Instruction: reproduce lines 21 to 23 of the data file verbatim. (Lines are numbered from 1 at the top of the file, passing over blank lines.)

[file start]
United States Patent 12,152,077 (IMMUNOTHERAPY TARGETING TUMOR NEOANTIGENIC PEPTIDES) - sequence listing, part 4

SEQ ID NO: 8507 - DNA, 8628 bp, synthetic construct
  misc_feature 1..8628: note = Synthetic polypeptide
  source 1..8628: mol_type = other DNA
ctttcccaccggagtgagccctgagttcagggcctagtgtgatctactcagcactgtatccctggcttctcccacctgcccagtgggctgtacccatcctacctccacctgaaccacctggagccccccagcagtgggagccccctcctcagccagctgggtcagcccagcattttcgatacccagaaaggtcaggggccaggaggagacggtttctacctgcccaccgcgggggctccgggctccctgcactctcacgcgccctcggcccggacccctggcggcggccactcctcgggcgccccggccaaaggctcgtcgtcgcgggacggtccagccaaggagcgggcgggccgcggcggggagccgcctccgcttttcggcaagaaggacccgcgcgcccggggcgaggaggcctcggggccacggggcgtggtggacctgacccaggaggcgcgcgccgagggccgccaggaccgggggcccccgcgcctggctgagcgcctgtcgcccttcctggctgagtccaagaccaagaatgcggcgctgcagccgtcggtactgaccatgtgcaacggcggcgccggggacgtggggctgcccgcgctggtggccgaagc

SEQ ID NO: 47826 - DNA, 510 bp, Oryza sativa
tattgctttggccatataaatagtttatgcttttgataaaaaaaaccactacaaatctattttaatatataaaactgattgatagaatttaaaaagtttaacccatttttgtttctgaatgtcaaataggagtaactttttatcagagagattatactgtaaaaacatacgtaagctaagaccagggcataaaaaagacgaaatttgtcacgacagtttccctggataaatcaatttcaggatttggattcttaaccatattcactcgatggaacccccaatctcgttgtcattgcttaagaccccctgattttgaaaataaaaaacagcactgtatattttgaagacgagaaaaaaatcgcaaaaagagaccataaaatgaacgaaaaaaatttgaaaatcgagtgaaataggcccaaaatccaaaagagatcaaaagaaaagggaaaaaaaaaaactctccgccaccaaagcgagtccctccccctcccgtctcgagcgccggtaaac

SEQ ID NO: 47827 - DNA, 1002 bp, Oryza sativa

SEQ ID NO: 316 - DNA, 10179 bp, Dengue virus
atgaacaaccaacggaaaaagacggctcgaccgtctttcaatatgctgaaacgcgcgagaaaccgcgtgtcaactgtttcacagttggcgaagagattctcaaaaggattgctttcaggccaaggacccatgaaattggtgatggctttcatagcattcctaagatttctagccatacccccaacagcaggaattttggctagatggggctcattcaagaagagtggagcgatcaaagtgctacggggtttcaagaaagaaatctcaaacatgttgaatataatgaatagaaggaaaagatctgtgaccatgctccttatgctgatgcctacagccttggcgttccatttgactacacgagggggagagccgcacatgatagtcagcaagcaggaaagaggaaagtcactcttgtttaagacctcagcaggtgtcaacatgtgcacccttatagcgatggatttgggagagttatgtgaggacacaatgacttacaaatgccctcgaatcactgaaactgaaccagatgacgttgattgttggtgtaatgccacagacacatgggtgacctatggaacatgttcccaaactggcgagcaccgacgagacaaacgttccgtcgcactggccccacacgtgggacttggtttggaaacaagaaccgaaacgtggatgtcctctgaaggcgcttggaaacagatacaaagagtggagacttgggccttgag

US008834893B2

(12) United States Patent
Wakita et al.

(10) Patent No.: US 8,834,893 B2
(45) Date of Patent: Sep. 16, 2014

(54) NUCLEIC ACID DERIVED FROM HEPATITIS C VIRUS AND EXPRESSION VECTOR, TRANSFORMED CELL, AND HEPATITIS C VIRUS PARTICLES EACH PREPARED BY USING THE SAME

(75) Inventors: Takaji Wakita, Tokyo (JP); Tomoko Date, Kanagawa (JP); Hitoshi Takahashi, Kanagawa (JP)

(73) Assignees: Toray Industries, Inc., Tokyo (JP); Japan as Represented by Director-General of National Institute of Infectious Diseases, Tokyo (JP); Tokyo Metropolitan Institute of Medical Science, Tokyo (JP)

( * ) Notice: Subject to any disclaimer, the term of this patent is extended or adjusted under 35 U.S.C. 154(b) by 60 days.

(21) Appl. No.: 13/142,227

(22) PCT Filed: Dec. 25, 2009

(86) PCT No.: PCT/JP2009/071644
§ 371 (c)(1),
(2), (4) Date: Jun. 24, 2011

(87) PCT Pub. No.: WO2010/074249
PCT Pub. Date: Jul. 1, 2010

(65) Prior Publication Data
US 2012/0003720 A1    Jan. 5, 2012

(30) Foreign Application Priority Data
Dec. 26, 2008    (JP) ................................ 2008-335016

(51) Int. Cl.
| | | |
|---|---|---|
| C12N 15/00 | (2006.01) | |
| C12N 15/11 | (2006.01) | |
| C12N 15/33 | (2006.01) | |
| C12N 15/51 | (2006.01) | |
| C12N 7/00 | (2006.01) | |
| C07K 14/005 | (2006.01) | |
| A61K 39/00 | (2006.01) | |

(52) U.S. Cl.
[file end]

(22) PCT Filed: Dec. 25, 2009

(86) PCT No.: PCT/JP2009/071644
§ 371 (c)(1),